Do You Need a Comma After ‘In this case’, ‘In any case’, ‘In some cases’, ‘In such a case’, etc.?

At the start of a sentence, you can optionally add a comma after a prepositional phrase, such as “in this case”, “in any case”, “in some cases”, “in a large number of cases”, etc.

At the start of a sentence, you can optionally add a comma after a prepositional phrase, such as “in this case”, “in any case”, “in some cases”, “in a large number of cases”, etc.

In some cases surgical treatment may be necessary.

In any case, we need to find lasting solutions to this problem.

But always use a comma to avoid misunderstanding. When in doubt, add a comma after introductory phrases like these.

In this particular case, we had to file a complaint on their website to get a refund.

1. “In this case”, “In any case”, etc. as Introductory Phrases

When using expressions such as “in any case”, “in such a case”, “in a number of cases”, etc. at the beginning of a sentence, the comma is generally optional.

In this case the keywords are transparency and integrity.

In this particular case, we should try a different approach.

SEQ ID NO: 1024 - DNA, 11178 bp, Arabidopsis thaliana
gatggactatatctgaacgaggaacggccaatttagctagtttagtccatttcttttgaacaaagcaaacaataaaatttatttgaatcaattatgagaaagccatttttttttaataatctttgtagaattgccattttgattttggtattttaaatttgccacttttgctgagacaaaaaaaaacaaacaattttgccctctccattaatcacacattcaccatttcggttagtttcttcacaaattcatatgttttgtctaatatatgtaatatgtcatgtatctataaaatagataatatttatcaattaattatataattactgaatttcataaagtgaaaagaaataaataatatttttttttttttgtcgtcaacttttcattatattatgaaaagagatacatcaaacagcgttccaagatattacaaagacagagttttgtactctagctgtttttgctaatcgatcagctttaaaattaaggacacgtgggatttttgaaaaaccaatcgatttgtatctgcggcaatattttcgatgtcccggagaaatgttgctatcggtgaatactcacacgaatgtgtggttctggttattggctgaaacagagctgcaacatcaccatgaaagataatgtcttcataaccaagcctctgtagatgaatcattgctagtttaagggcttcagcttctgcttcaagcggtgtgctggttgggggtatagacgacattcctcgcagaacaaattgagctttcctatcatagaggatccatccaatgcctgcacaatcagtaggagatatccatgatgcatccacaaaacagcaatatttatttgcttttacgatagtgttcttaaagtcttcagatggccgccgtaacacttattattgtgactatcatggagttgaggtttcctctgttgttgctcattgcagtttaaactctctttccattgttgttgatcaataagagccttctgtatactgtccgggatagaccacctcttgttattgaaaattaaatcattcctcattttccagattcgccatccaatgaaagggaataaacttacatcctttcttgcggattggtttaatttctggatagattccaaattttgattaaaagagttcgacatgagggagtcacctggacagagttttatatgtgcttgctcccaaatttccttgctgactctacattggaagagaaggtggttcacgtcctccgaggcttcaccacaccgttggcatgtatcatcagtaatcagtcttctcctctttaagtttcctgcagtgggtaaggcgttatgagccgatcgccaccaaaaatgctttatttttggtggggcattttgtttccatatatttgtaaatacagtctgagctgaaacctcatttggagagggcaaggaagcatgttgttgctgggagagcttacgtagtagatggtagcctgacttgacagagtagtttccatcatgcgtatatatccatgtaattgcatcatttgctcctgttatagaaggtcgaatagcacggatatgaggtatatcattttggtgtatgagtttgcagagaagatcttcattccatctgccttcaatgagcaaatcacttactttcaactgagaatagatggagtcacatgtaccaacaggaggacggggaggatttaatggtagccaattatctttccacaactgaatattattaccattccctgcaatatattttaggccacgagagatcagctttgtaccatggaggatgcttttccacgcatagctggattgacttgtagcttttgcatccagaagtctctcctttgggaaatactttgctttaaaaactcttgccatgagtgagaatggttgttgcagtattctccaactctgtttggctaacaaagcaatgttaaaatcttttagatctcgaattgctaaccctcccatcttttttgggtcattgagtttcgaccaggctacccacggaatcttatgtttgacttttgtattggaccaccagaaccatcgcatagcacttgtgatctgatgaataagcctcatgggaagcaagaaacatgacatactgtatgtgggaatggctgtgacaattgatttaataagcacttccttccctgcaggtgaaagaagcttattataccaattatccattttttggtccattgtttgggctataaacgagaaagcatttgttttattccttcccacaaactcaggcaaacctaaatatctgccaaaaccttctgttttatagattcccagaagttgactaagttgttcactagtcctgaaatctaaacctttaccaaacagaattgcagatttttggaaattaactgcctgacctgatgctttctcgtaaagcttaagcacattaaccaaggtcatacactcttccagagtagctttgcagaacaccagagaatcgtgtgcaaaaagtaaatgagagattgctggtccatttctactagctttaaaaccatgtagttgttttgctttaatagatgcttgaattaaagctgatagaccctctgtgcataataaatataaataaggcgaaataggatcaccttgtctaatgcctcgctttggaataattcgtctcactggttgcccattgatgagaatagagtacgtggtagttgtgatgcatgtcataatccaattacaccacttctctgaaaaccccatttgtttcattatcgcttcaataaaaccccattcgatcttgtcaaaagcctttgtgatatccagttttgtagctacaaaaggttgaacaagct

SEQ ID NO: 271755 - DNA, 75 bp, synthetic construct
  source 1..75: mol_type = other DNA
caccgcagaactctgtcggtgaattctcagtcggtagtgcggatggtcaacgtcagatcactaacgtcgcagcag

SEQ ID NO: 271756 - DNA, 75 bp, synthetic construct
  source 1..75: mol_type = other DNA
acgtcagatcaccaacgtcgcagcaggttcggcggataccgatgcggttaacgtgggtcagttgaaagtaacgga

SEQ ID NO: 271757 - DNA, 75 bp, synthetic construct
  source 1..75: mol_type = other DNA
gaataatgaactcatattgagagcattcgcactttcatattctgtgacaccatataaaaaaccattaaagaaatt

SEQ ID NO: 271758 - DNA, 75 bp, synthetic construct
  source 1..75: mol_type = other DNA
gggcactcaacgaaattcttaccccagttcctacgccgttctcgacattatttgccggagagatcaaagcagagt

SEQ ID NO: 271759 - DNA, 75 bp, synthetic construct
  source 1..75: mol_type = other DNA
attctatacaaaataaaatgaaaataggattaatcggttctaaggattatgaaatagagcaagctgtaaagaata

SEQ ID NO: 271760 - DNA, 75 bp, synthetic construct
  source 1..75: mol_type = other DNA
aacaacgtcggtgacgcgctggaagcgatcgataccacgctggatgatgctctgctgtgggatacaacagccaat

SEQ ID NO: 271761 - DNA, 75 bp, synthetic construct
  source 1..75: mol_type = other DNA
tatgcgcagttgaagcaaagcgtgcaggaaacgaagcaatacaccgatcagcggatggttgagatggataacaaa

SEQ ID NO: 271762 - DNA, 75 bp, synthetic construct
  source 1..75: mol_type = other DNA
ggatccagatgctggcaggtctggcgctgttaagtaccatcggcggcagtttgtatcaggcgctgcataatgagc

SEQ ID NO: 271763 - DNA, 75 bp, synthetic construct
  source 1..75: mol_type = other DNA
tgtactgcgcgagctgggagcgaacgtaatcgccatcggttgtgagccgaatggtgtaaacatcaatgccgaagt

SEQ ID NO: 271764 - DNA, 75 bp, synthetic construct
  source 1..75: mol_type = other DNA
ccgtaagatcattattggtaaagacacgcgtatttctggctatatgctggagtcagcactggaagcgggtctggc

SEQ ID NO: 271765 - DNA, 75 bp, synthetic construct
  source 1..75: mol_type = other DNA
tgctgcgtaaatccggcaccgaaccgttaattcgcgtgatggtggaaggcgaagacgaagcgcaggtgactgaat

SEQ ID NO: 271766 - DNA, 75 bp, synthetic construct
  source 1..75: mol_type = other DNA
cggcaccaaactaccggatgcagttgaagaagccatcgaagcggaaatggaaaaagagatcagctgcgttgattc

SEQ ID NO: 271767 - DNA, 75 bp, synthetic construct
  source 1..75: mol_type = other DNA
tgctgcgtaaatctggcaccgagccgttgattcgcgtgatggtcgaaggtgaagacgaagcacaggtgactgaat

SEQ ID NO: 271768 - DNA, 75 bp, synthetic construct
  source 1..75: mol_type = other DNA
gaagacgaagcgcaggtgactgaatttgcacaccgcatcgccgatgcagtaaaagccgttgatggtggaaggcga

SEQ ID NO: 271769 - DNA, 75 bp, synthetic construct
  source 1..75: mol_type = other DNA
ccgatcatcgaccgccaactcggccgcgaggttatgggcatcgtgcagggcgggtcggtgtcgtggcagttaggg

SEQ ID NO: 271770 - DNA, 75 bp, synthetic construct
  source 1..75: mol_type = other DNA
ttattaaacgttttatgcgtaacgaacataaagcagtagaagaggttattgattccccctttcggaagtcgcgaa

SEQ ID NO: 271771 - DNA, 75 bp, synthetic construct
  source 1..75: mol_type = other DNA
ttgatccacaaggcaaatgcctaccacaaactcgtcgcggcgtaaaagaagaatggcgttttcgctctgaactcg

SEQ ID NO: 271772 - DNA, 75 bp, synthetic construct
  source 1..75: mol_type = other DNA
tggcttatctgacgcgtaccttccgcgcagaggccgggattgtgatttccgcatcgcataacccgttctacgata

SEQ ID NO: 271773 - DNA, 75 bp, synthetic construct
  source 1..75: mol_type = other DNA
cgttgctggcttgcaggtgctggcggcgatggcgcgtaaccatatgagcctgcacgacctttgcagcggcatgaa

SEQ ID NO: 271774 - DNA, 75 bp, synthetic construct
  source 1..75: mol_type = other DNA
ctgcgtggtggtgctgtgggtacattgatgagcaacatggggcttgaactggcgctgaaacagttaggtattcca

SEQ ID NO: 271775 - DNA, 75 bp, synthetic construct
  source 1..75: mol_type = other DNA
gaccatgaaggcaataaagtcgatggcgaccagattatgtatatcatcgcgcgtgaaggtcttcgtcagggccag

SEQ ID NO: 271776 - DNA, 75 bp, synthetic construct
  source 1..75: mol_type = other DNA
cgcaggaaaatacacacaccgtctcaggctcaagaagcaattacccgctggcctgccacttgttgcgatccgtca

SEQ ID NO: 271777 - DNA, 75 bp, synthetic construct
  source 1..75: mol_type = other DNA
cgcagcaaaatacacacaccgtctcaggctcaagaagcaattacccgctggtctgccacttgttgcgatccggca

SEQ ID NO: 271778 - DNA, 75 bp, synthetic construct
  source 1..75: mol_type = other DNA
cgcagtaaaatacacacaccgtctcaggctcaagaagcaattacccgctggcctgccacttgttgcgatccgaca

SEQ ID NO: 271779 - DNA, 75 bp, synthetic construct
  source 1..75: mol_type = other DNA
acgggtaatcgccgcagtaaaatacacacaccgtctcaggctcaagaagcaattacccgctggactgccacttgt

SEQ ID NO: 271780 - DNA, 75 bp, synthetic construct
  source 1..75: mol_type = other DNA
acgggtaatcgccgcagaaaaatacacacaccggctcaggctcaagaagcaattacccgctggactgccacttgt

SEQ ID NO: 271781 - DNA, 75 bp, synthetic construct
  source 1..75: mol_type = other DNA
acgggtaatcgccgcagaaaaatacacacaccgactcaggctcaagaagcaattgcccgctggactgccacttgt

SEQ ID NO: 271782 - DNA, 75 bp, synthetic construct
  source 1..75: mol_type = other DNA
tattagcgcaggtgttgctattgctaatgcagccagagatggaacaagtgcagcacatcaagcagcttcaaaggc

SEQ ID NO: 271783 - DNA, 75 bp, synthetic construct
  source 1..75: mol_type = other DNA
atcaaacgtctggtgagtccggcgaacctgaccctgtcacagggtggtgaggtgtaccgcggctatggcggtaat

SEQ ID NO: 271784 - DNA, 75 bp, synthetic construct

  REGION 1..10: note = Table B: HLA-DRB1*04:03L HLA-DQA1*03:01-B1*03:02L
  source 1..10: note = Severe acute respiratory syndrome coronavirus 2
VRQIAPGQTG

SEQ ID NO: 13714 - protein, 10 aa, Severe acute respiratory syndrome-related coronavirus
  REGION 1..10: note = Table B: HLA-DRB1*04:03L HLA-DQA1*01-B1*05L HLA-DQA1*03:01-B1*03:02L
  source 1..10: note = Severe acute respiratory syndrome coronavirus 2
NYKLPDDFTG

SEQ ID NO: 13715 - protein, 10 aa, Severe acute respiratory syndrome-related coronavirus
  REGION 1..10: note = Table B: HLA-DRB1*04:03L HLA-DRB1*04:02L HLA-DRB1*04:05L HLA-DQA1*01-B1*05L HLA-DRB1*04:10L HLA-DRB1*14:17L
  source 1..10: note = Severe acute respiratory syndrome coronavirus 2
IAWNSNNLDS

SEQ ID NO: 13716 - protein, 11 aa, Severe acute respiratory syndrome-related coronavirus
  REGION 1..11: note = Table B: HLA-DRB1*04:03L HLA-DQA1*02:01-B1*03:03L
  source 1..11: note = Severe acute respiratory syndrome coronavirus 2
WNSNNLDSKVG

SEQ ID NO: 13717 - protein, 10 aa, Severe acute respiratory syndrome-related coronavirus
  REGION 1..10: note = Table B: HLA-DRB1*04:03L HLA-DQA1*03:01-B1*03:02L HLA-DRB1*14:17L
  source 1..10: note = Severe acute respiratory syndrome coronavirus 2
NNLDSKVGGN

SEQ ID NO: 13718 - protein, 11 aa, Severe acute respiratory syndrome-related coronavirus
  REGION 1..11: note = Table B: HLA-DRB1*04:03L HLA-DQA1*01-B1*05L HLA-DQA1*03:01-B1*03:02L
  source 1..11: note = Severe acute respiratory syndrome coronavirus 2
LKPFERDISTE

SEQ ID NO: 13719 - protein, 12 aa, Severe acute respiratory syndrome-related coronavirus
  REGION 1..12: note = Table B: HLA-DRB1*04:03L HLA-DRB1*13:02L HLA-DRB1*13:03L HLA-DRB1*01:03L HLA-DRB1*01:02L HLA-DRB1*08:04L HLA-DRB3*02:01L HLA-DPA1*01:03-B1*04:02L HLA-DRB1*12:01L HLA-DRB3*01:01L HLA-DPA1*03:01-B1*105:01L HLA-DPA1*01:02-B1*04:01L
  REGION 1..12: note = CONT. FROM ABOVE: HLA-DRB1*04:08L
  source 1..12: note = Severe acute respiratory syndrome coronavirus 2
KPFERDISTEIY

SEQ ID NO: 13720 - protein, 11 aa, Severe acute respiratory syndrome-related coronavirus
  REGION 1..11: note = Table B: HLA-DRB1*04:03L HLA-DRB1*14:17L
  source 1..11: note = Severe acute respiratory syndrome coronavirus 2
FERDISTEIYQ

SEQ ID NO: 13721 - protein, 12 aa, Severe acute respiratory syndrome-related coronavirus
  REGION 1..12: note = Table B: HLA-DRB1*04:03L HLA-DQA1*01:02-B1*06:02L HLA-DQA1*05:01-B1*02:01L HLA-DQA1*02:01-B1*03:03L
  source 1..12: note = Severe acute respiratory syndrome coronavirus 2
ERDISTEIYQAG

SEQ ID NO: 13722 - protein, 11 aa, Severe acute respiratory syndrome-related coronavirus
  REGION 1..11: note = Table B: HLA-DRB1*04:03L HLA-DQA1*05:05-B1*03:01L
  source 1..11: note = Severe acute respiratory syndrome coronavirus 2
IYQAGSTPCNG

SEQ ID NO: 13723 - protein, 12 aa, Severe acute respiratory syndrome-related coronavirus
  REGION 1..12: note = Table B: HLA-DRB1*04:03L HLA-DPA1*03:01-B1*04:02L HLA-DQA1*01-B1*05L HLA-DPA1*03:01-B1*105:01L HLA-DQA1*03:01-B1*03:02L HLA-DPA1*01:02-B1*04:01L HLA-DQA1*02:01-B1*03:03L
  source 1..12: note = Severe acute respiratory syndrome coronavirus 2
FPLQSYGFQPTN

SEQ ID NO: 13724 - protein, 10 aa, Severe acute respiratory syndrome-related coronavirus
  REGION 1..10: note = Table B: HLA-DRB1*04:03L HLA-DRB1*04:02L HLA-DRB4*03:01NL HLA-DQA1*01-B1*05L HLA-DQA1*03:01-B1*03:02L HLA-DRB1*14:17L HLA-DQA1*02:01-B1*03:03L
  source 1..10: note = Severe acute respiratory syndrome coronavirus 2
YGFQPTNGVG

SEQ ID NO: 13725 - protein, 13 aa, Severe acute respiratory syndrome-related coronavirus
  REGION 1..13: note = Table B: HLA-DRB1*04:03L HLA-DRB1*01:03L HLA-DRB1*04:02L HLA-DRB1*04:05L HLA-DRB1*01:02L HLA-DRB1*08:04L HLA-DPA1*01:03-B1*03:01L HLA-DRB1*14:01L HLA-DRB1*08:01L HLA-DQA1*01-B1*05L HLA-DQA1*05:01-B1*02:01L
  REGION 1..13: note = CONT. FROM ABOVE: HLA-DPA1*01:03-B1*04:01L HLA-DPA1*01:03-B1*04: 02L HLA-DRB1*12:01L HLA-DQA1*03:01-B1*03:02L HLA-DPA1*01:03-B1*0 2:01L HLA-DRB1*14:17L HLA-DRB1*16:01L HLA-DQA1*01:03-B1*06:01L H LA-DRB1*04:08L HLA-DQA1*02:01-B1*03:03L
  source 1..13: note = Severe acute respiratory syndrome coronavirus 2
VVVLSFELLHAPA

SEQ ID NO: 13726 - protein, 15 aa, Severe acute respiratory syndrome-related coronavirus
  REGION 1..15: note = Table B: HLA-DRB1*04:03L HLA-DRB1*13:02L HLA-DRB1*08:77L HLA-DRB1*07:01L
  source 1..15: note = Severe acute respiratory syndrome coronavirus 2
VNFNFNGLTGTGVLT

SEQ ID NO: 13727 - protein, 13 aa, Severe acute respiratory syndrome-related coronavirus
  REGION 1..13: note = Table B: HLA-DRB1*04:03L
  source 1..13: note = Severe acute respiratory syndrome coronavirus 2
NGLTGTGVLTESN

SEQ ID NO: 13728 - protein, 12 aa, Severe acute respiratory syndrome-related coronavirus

When in doubt, place a comma after these expressions in the front position.

In any case, I would like to say a few words about the non-proliferation and disarmament policy.

The longer the introductory phrase, the more likely you will add a comma after it.

In a large number of cases, infidelity results in very complex and expensive divorce proceedings.

The comma is also useful to prevent ambiguity or misunderstanding when reading a long, complicated sentence.

In such a case, following a low calorie diet, being active, limiting sedentary activities, and taking corrective action when weight is regained is a must.

Follow the same comma policy with phrases like "in this situation", "in some situations", "in such a situation", etc.

2. In the Middle or at the End of a Sentence

We do not frequently use commas to separate a prepositional phrase, like “in any case”, “in such a case”, “in this particular case”, “in a number of cases”, etc., from the rest of the sentence.

I think that you are wrong in this case.

There are particular structures, however, where a comma before and/or after these expressions may be used; for example, add commas to signal a pause or create a parenthetical feel in mid-sentence.

Following a plant-based diet, in this particular case, may reduce the risk of chronic conditions.

Using a coordinating conjunction to join two independent clauses is another situation where a comma should be included.

Success will require investment in a wide range of cases, but funding is not always the most important element of a successful project.

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